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Obscure thought

  1. Jun 23, 2005 #1
    in light of the recent failure of the cosmos-1 booster rockets
    has there been any real thought to using planes as carriers for unmanned rockets to around 45,000 ft?
    i.e. white knight carrying the X-43 or SpaceShipOne
    or possibly a much MUCH bigger plane...like Airbus A-380??
  2. jcsd
  3. Jun 23, 2005 #2


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    There's a company called "Orbital Sciences Corporation" that builds and launches the Pegasus rocket which gets into the air strapped under an L1011. They used to use a B-52 when they were just starting out about 15 years ago, but have become more commercialized since then I suppose.
    http://www.orbital.com/SpaceLaunch/Pegasus/ [Broken]

    Intuitively it seems like a good idea, you get some altitude and velocity to start out with and thereby decrease the amount of fuel / increase the amount of payload as if the aircraft is some kind of booster. But a quick look at the math shows there isn't much benefit. A satalite in low earth orbit is moving around 17,000 miles/hr at an altitude of between 250 and 900 miles. Let's use 500 miles as LOE for the sake of discussion.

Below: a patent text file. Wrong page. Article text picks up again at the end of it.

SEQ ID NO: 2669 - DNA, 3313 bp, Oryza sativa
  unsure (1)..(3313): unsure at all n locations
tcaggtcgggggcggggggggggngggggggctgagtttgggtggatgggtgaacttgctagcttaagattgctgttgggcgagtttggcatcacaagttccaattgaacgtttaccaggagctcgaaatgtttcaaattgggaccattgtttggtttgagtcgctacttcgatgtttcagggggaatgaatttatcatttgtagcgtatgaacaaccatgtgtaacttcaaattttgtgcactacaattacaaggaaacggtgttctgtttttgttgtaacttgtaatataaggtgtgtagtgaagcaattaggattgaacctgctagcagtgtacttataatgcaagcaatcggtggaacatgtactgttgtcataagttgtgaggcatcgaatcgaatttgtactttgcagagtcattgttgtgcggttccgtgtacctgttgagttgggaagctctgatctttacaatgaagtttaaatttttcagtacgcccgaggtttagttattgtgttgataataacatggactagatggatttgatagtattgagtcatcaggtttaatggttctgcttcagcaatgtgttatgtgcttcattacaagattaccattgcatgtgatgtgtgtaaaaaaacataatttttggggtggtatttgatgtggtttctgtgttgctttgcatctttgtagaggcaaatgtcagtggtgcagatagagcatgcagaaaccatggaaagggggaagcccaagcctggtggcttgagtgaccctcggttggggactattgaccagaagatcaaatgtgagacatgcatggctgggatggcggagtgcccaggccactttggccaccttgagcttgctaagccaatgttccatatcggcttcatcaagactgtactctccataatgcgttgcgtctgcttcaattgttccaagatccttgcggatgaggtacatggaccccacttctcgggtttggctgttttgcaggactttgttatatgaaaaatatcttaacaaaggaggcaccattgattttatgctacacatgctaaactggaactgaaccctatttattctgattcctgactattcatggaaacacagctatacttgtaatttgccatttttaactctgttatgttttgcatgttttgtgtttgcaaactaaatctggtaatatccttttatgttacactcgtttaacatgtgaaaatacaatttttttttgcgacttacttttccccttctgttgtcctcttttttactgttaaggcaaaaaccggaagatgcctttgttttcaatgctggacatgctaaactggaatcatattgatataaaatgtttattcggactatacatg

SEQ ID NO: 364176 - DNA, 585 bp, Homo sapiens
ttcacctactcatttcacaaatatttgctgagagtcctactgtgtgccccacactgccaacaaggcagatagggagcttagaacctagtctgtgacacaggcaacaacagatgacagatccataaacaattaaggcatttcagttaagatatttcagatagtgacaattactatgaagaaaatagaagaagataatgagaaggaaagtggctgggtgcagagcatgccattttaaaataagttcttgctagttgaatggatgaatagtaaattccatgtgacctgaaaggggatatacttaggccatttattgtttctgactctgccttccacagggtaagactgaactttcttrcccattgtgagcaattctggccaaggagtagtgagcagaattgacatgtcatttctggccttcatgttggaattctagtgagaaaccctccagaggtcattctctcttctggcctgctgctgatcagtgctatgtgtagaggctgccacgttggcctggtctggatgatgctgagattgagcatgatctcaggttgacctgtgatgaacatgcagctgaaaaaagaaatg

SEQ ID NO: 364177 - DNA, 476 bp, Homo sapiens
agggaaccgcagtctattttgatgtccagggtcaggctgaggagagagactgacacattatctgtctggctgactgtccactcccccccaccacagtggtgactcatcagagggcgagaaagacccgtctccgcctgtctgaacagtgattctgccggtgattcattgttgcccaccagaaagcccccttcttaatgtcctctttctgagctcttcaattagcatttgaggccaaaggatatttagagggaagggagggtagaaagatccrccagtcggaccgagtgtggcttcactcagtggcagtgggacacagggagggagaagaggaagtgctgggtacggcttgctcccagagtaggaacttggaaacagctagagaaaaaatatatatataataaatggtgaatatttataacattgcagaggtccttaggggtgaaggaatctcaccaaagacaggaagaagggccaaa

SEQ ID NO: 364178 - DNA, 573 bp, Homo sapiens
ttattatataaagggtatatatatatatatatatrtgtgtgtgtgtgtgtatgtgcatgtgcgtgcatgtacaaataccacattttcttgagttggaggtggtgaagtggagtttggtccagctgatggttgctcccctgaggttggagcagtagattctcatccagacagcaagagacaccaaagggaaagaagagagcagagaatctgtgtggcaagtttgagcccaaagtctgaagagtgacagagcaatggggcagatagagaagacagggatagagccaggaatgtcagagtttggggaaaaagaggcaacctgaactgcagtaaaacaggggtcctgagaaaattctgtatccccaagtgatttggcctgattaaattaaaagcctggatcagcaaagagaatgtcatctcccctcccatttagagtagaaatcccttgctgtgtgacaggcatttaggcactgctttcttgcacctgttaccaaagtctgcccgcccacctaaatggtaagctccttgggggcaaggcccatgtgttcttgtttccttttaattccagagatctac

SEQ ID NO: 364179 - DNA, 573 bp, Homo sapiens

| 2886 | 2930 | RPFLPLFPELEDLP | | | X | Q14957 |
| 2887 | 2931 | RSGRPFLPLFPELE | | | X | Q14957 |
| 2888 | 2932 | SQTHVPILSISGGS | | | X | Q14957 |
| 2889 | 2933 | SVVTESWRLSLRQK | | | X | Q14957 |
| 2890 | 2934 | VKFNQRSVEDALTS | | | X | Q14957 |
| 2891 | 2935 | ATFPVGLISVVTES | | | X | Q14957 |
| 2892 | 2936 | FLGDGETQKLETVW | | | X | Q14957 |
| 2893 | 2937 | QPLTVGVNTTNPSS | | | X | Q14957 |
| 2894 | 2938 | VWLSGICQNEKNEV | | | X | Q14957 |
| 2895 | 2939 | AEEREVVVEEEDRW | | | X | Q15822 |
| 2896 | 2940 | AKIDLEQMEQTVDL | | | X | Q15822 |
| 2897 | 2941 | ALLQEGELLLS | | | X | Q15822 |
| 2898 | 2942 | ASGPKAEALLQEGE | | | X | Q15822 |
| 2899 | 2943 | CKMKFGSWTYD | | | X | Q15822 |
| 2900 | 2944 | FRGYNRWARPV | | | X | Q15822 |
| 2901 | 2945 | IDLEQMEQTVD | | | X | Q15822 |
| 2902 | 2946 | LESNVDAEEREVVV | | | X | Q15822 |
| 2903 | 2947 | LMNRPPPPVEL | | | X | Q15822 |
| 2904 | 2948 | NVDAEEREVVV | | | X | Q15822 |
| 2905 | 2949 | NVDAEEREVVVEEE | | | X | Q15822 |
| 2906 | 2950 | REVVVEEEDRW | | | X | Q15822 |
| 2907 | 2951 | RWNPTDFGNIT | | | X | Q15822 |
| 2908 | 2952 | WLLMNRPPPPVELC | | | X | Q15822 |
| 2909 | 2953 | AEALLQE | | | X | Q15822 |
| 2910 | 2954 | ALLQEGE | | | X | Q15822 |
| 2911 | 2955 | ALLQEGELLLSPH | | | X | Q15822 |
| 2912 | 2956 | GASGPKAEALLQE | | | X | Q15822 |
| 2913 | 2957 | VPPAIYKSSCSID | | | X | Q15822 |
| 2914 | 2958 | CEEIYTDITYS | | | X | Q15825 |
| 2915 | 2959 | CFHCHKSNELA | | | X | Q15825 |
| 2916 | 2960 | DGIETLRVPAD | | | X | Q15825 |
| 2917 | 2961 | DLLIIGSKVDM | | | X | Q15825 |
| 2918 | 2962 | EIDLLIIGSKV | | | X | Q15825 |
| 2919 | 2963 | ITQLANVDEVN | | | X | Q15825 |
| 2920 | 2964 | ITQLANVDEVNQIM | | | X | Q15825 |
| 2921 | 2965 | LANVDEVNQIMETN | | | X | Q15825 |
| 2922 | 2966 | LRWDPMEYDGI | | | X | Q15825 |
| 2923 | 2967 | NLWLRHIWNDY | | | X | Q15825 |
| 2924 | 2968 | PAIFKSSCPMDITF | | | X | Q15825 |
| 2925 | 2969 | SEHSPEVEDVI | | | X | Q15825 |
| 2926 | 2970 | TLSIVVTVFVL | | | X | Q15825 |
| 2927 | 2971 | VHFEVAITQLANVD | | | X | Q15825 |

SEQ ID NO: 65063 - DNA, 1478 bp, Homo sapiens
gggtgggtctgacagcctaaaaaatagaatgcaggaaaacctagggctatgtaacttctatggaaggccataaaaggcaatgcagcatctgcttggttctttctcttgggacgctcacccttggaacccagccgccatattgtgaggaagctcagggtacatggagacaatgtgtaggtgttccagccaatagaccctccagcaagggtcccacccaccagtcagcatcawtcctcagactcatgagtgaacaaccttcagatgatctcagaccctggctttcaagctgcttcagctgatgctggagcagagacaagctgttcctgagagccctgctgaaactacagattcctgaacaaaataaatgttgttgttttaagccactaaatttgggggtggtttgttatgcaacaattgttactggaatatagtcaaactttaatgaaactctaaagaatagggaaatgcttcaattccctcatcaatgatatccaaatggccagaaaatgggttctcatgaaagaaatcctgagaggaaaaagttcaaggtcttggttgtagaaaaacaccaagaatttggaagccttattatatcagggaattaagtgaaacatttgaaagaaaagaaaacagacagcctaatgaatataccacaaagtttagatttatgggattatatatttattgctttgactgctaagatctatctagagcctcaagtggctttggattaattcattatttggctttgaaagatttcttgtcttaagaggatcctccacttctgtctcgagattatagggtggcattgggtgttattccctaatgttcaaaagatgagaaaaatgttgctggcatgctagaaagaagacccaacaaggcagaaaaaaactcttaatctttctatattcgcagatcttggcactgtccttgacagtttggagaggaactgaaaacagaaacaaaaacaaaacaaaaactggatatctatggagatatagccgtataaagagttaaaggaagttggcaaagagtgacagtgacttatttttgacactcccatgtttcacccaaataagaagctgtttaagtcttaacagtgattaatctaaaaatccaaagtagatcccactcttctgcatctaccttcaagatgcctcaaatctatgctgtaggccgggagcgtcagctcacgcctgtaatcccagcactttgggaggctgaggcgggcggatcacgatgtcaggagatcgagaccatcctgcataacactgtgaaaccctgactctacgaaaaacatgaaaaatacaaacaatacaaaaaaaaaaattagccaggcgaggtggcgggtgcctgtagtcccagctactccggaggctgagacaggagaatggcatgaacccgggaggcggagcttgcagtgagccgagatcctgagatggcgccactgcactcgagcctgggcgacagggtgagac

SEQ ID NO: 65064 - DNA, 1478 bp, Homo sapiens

If you add together the potential and kinetic energy of a kilogram in low earth orbit it comes to about 37,000,000 Joules (rounded off).

    Compare that to a kilogram strapped to an aircraft flying at 39,000 ft and moving along at 600 miles/hr. That same kilogram only has 150,000 joules of energy. That's only about 0.4% of the total energy it needs to get to LEO. There's some minor advantage to it being above the atmosphere, but that's not much additional advantage.

    So in short, launching something off an aircraft gives you virtually no benefit in reaching orbit, the altitude is way too low and the speed is a tiny fraction of what's needed. True, a higher speed version at much higher altitude would help improve that, but the benefit is more one of being able to skirt around legal and political issues of launching something from an established launch facility.
    Last edited by a moderator: May 2, 2017
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